Digital Millennium Copyright Act (DMCA)
The Digital Millennium Copyright Act was created in 1998. The DMCA combined and advanced two existing worldwide copyright treaties known as the World Intellectual Property Organization (WIPO) treaties. The two treaties are; the WIPO Copyright Treaty and the WIPO Performances and Phonograms Treaty. The United States seen a need to improve upon these treaties and in October of 1998 President Clinton signed the DMCA into law.
The DMCA makes it illegal to download, upload, and/or share copyrighted material over any network. The Cable Co-op must follow and enforce the laws of the DMCA.
What is considered “copyrighted”
- The Copyright Act now reaches architectural design, software, the graphic arts, motion pictures, and sound recordings.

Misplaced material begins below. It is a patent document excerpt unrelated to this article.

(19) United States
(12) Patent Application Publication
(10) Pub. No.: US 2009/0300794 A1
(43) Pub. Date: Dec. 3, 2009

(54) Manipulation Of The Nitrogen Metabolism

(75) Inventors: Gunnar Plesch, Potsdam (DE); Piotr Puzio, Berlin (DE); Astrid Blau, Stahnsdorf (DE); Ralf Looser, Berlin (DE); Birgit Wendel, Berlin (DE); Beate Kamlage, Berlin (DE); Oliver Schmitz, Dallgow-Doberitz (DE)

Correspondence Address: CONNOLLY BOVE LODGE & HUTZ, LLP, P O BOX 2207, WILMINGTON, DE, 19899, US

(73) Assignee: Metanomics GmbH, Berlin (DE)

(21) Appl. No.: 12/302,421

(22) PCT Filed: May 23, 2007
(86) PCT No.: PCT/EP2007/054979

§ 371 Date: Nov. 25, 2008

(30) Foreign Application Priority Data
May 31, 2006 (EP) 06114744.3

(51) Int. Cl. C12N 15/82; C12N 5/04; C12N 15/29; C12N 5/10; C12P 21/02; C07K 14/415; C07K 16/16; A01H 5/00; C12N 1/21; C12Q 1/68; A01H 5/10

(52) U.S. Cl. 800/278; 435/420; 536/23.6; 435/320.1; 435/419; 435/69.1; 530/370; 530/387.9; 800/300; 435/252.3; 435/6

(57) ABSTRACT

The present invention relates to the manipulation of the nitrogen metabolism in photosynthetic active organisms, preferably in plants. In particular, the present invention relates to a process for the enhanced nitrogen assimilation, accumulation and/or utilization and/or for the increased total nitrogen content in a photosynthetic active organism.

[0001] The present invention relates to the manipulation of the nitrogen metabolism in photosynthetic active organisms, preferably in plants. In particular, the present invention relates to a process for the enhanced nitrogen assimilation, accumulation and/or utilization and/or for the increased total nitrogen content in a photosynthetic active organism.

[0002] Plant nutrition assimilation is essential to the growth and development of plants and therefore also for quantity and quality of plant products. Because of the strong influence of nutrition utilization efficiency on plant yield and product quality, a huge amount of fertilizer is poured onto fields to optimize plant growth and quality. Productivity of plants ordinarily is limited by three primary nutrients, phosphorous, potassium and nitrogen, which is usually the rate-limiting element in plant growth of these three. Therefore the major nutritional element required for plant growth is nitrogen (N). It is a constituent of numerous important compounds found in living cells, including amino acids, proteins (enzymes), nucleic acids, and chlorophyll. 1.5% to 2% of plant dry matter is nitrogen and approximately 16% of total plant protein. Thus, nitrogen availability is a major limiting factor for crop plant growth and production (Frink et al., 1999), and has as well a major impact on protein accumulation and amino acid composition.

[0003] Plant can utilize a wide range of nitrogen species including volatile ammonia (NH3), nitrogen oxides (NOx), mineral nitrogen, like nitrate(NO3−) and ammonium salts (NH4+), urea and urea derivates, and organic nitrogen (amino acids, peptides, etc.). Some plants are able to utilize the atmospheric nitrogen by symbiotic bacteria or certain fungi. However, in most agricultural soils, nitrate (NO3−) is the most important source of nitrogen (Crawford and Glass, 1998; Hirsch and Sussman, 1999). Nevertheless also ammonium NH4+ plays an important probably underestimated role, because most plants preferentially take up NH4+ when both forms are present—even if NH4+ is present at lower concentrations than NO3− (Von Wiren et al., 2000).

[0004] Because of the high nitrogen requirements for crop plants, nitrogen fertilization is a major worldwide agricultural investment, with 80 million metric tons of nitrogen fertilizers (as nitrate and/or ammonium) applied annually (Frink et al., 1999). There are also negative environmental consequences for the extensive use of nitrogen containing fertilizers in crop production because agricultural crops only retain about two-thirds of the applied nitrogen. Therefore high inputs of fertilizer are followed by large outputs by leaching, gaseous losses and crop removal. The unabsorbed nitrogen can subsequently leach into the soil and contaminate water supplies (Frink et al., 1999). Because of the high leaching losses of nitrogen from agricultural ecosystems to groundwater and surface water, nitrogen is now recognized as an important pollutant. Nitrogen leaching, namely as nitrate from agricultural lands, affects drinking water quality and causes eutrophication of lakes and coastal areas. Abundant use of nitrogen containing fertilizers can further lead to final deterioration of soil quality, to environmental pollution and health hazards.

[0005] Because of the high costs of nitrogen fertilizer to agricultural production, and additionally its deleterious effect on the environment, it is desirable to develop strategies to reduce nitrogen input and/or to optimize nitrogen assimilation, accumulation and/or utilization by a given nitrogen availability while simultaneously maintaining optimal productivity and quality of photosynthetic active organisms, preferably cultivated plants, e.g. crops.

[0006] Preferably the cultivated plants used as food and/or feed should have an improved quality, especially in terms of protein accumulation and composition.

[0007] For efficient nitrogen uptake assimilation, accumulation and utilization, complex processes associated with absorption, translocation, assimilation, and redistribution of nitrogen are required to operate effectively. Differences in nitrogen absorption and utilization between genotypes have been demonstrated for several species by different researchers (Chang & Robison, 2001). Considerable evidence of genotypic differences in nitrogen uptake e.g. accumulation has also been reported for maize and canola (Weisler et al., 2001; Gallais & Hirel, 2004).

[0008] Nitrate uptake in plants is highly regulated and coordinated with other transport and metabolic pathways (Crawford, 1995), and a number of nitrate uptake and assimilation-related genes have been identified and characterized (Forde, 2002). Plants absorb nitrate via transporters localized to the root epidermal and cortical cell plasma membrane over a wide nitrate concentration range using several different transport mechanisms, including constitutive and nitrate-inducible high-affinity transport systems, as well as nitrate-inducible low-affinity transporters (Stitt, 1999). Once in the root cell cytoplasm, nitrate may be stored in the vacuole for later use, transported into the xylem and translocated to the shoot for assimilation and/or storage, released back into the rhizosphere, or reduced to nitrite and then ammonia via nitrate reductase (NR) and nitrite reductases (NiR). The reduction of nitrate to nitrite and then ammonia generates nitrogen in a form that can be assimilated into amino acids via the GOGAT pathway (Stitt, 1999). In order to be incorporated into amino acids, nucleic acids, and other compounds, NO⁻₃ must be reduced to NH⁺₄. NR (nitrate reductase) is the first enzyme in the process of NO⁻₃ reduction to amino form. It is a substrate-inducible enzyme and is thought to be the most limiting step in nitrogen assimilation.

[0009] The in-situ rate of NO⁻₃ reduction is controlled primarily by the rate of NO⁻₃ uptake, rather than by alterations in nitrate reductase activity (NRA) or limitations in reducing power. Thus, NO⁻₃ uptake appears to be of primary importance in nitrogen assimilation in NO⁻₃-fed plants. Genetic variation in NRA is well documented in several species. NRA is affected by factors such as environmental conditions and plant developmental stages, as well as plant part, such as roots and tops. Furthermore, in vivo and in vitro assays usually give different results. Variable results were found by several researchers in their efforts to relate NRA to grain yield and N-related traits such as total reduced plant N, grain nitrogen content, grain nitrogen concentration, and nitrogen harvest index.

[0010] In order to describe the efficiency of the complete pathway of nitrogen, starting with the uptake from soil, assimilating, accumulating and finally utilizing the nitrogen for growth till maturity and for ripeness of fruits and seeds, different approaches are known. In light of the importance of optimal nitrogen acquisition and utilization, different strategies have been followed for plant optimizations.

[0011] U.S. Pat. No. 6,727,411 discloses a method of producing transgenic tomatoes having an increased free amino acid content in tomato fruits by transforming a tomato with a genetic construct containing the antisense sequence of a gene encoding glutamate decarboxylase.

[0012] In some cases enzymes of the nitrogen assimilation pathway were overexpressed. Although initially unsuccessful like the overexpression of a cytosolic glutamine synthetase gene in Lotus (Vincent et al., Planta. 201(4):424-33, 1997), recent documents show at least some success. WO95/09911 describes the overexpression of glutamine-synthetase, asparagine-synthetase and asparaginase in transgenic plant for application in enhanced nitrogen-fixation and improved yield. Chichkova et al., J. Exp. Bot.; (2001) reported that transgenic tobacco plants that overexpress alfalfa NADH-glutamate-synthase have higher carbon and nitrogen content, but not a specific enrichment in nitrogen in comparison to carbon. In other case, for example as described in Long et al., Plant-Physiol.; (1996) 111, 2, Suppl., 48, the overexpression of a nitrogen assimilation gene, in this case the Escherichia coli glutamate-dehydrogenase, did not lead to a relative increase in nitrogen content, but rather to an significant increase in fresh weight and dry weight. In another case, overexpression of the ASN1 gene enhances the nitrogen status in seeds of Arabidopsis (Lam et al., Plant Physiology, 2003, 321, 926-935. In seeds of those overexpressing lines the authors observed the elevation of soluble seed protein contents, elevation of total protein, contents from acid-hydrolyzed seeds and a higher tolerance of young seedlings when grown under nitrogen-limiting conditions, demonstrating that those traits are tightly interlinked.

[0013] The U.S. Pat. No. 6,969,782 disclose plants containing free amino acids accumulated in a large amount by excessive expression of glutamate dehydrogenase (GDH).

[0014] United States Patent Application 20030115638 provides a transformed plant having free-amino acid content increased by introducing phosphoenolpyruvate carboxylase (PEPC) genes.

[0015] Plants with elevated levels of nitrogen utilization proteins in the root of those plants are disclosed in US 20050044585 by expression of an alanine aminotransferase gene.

- As of January 1, 1978, all works of authorship fixed in a tangible medium of expression and within the subject matter of copyright were deemed to fall within the exclusive jurisdiction of the Copyright Act.
- Copyright protection subsists in original works of authorship fixed in any tangible medium of expression.
- To qualify for copyright protection, a work must be “fixed in a tangible medium of expression.” This means that the work must exist in some physical form for at least some period of time, no matter how brief. Virtually any form of expression will qualify as a tangible medium, including a computer’s random access memory (RAM), the recording media that capture all radio and television broadcasts, and the scribbled notes on the back of an envelope that contain the basis for an impromptu speech. –
- See more at: http://fairuse.stanford.edu/overview/faqs/copyright-basics/#sthash.cFahLYcn.dpuf
Who monitors the internet?
- Usually it is larger companies with a lot of copyrighted works to protect, such as HBO, Paramount, and many adult material based companies.
- These companies hire an entity for the sole reason of internet monitoring.